Rugby Championing Women

I always said if I had a girl I would do everything I could to level the playing field, pun not intended, with regards to gender neutrality but from day one I really was my worst enemy.

As a lover of all things pink, frilly and sparkly I have slowly but surely (and completely unintentionally) aligned her to the thinking that pink is a girls colour, make up is something to be normalised and muddy sports are for boys.

Its ingrained in every aspect of life from the clothes choices we make (and pass on) to the TV we watch and allow our children to. Marketing campaigns brandish bright pink themes and girls playing with dolls adorn our screens followed sharply by boys covered in dirt with SAS style weaponry.

As a teacher I have highlighted this many a time when teaching about gender stereotyping, media, advertising and literacy. We have had critical discussions and swayed even the most ‘boyish’ of boys that gender should not be defined by colour, sport or attitude and the ‘pinkest’ of girls that it’s OK to try new things and take a risk.

As a parent I feel that I have really let my daughter down of late by allowing her to see me put make up on (making comments about how how I need it), negatively comment on my body shape/size as if what’s on the outside is all that counts and not giving her the freedom I should to take risks.

Play based learning isn’t only crucial for cognitive development but also for taking risks and developing resilience. Are we vanquishing this aspect to the darkness to be overshadowed by fear of the unknown?

As a parent our role is not only to love and cherish our children but to also raise them as responsible, resilient and courageous adults. I don’t want my child, regardless of gender, to feel overshadowed by sexism or excluded based on gender. I equally want my children to be respectful of all, kind and cultured. It’s such a pressure and responsibility, the thought of not fulfilling our child’s unlocked potential, of creating someone who is afraid to take risks and be bold.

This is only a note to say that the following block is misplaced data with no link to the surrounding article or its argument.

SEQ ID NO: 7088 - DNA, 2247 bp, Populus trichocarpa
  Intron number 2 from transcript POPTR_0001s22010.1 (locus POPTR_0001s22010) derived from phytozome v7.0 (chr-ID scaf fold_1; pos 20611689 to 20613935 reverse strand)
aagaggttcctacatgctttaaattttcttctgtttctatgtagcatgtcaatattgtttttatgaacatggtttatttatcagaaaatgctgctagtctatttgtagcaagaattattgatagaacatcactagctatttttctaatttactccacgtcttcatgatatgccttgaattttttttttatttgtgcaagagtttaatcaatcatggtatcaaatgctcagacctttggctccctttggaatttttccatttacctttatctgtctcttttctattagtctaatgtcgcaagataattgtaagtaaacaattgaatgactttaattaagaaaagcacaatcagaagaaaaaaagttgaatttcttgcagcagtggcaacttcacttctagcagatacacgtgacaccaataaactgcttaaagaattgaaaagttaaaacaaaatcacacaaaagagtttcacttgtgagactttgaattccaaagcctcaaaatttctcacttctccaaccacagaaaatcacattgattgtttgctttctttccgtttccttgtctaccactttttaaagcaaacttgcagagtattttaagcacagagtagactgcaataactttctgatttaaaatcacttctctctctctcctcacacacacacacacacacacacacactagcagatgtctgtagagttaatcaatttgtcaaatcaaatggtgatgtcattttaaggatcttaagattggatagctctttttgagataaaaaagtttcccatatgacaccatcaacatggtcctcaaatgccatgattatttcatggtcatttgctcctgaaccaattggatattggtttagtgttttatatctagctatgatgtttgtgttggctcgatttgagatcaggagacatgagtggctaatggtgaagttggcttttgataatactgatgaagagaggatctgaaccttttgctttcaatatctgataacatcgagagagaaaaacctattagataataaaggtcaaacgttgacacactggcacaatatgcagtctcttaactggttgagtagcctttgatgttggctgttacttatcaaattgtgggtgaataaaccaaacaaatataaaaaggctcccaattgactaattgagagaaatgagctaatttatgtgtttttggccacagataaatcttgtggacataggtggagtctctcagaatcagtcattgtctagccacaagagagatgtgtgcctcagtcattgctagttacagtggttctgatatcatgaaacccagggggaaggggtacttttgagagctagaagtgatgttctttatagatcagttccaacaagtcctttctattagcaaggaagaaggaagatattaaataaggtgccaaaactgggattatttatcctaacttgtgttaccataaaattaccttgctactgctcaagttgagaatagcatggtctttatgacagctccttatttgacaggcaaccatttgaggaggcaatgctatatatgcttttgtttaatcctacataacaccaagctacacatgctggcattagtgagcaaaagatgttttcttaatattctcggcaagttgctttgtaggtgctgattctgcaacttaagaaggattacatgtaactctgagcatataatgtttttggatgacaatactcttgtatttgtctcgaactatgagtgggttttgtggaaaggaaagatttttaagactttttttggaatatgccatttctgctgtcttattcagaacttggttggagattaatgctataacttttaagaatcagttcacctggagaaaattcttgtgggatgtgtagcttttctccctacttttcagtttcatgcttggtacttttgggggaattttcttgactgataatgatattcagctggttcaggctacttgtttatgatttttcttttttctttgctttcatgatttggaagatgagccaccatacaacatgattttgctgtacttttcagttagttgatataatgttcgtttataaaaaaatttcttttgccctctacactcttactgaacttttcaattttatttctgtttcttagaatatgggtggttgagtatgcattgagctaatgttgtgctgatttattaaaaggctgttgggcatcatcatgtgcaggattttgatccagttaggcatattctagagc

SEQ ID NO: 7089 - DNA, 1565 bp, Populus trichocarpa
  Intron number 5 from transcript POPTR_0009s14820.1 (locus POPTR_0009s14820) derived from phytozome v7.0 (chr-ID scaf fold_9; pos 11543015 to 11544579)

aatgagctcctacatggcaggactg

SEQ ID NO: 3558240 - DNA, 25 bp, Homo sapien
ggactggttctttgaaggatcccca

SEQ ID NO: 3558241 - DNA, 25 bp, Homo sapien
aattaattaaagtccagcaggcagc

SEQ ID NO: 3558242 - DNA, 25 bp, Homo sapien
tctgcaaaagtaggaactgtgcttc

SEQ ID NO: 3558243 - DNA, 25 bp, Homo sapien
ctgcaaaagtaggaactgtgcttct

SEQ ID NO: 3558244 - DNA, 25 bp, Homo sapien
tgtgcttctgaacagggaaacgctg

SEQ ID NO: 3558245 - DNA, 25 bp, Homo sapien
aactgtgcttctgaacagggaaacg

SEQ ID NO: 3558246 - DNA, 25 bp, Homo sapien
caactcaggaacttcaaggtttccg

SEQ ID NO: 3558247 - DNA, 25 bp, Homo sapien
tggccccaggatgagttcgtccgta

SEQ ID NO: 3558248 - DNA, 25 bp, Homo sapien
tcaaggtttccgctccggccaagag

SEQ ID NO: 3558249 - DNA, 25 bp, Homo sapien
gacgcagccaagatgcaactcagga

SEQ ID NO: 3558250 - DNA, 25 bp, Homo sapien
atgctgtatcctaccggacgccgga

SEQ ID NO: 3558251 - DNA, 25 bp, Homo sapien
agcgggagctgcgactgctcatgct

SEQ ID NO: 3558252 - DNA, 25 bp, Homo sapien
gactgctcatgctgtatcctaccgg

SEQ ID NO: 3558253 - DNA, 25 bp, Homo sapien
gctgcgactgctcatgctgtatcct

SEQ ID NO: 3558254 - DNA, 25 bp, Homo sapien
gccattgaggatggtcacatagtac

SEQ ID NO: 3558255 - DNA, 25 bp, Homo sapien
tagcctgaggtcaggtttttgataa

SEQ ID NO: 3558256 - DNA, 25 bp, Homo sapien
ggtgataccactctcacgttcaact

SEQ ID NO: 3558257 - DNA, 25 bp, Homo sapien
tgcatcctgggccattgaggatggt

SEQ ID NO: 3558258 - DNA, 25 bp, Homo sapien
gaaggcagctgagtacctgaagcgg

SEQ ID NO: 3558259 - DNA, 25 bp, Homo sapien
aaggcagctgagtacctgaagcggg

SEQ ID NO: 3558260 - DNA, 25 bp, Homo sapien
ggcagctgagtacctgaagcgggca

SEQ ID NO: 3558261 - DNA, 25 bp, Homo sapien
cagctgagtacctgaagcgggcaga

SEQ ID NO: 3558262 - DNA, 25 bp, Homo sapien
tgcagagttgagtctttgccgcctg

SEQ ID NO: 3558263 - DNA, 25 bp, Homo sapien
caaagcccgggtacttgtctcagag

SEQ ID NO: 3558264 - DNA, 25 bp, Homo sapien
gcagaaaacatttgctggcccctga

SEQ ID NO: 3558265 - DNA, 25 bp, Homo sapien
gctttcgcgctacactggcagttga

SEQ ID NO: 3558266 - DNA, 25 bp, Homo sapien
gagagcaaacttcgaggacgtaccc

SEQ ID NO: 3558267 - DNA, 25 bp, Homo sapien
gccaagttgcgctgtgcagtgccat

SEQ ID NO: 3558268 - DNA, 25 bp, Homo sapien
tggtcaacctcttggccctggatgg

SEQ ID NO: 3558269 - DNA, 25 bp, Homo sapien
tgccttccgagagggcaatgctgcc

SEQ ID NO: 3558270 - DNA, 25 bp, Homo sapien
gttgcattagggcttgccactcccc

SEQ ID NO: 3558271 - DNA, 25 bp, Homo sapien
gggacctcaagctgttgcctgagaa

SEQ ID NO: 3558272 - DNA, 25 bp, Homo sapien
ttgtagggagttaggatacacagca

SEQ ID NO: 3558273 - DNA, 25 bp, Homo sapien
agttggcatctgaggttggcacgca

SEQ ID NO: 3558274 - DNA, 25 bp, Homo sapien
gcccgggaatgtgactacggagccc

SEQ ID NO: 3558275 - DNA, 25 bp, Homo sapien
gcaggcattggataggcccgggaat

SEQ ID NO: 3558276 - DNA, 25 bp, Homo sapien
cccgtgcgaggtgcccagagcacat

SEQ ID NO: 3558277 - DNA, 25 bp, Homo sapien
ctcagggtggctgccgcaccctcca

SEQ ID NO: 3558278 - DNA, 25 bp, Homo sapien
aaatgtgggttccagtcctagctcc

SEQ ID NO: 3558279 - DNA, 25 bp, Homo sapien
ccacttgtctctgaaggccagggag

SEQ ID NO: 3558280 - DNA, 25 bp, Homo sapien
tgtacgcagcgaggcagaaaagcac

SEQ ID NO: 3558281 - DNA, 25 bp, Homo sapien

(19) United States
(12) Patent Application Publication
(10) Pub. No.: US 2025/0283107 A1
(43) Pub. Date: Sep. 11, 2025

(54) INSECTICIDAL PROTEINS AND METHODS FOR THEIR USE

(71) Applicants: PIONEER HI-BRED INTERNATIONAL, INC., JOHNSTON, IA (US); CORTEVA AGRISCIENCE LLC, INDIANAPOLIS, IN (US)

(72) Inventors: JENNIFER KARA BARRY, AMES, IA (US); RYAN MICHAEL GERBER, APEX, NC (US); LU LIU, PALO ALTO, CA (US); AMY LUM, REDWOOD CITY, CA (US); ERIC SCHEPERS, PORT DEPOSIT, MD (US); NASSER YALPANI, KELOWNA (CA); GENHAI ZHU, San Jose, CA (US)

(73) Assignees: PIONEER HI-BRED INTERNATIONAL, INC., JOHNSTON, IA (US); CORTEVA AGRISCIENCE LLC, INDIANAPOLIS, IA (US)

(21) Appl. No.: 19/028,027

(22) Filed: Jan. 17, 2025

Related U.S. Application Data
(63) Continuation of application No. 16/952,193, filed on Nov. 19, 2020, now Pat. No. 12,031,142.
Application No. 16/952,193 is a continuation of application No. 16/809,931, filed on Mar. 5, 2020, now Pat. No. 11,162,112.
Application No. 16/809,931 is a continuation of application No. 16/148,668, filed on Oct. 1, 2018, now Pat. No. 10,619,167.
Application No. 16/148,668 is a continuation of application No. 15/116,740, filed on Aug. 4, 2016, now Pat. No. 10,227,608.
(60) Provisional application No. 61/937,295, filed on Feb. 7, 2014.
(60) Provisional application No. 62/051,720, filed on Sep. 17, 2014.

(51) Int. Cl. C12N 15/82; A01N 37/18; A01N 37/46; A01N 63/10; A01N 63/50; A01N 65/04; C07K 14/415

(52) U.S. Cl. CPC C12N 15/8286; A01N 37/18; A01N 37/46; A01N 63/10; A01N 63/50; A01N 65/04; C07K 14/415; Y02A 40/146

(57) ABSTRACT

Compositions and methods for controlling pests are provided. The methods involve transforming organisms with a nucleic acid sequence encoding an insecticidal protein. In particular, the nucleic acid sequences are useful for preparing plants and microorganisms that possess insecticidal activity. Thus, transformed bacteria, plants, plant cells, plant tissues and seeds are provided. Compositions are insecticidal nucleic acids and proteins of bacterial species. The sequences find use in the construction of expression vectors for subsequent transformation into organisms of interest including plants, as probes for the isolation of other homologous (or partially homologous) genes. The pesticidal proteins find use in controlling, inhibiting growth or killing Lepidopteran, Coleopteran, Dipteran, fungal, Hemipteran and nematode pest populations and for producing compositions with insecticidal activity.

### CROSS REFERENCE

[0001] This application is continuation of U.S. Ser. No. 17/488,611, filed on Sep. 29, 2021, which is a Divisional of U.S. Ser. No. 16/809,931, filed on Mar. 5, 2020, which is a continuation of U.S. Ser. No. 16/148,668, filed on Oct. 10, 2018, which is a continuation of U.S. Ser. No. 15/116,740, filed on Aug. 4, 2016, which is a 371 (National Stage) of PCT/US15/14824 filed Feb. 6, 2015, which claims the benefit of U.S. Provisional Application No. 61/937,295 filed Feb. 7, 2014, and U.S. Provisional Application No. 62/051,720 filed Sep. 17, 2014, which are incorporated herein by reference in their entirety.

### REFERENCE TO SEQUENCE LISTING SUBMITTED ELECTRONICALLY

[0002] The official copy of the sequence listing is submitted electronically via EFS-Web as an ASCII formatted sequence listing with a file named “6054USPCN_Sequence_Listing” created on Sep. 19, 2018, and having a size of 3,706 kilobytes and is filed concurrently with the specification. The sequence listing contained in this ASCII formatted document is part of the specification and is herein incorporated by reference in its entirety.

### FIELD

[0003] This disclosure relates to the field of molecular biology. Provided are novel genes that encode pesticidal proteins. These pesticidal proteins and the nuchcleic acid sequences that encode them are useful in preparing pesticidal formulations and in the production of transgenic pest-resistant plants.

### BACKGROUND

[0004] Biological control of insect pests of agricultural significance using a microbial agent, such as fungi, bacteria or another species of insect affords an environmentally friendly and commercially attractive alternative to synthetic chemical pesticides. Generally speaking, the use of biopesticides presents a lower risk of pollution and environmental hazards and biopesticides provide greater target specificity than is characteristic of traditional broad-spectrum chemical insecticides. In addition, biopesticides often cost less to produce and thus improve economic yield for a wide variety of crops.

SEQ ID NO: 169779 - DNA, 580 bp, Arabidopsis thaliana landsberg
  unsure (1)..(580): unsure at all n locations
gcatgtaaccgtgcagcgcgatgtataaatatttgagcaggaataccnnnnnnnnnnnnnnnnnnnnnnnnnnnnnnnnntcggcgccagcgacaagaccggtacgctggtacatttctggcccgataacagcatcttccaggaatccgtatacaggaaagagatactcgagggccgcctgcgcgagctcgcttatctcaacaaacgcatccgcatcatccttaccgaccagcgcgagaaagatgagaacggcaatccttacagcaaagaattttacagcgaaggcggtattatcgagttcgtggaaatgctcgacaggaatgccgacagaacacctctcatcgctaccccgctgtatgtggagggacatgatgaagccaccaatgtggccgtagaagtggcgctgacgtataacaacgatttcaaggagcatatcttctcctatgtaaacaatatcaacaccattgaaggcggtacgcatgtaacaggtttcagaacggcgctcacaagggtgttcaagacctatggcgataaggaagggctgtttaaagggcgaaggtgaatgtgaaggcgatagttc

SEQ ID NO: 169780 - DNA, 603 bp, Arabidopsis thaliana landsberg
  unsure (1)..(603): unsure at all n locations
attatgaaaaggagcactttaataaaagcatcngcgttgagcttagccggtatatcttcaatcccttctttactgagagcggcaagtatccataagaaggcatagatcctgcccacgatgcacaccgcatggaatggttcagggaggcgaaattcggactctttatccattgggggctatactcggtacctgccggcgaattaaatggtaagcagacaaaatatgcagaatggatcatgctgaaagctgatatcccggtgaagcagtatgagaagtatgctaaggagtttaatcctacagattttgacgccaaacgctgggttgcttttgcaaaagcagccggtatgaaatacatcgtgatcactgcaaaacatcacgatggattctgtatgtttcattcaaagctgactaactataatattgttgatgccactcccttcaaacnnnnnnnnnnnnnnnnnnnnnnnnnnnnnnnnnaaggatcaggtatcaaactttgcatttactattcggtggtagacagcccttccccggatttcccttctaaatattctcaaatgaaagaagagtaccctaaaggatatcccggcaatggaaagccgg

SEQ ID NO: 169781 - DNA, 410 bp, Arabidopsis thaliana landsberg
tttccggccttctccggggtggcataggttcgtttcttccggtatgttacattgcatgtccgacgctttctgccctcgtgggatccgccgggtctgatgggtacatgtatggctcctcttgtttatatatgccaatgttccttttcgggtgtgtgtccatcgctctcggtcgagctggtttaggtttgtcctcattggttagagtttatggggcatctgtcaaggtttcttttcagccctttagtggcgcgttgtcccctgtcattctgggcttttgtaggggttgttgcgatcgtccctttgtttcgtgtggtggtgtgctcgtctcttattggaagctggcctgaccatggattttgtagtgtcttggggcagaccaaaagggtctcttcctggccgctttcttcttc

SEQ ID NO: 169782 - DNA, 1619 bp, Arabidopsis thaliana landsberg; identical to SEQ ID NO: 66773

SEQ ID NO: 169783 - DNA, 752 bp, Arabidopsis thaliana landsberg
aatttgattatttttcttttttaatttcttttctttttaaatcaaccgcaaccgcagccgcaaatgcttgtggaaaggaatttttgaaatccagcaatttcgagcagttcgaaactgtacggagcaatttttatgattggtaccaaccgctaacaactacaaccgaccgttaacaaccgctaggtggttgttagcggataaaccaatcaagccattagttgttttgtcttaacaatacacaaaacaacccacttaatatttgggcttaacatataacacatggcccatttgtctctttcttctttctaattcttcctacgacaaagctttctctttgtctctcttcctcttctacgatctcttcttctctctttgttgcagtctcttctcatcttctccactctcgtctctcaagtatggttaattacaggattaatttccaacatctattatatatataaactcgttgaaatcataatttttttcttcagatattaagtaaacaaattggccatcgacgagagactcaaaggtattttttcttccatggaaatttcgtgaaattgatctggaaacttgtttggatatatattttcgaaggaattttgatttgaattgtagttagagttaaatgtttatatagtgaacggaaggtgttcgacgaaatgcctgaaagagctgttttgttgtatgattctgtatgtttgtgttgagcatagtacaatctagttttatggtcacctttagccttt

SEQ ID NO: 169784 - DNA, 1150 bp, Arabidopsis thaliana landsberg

In the midst of gold glitter shows and pink tutus I lost this. I lost the importance of allowing my child to stamp her own identity. Charlotte is only 2 and by no means a walk over but I want her to know she can be who ever she wants to be, judgement free. I want her to engage in all sports and wear whatever she wants. I want her to climb trees and have scraped knees, not because i’m a negligent Mum but because i’m not. I have a duty of care to protect her and this means allowing her to take (safe) risks, test the boundaries and know her limits.

Luckily Charlotte is only 2 and I have plenty of time to regain my original plan. With that in mind we have been focusing a lot on outdoor play, sports and getting messy.

If you follow me on Instagram @mum_in_the_city you will notice that I have been really diving into outdoor play/ learning and have loved following #150housoutdoors to help keep me motived and inspired. Not only does the fresh air and exercise promote a health body but it promotes a healthy mind and gives us both a great chance to bond without the distraction of our regular toys or electrical devices.

I read and inspiring article from the Telegraph recently about how World Rugby has seen a 60% rise in female rugby players since 2014. In fact, the article went on to say that a quarter of all rugby players world wide were now female. Quite clearly this number is still hugely weighed towards male players but for a sport which is often referred to as the ‘gentlemans game’ is there a door opening for gender equality within the sport?

Based on this new found energy to show my daughter she is equal we have also been enjoying a new Rugby Tots class. Inspired by the rapid rise in woman getting involved in Rugby I thought it would be a great sport to get Charlotte into.

Rugby Tots is great for developing gross motor skills, communication and listening skills. In only a few weeks Charlotte has started to throw and catch the ball (a huge improvement), is confident enough to engage independently, takes (and can actually follow) instruction of more than three pattern exercises and has grown so much in confidence.

We use the skills she learns in class to play in the garden, involving my son Lewis, and have so much fun that its hard to believe this in itself is a learning excercise.

We only do one other baby class so I wasn’t expecting Charlotte to engage so well and, most importantly, have so much fun. I worried initially about the boy to girl ratio in the class and if this would make any difference to Charlotte but again, this was me worrying about gender norms. Charlotte absolutely loves the class and Carl her coach.

I am so proud that we are able to be part of this and as a woman and a Mum I would highly recommend this class to anyone looking to boost their child’s confidence, challenge gender stereotypes and contribute to the equality of women in sport.

Well done Rugby Tots for challenging gender stereotypes, supporting women in Rugby and promoting females in sport!

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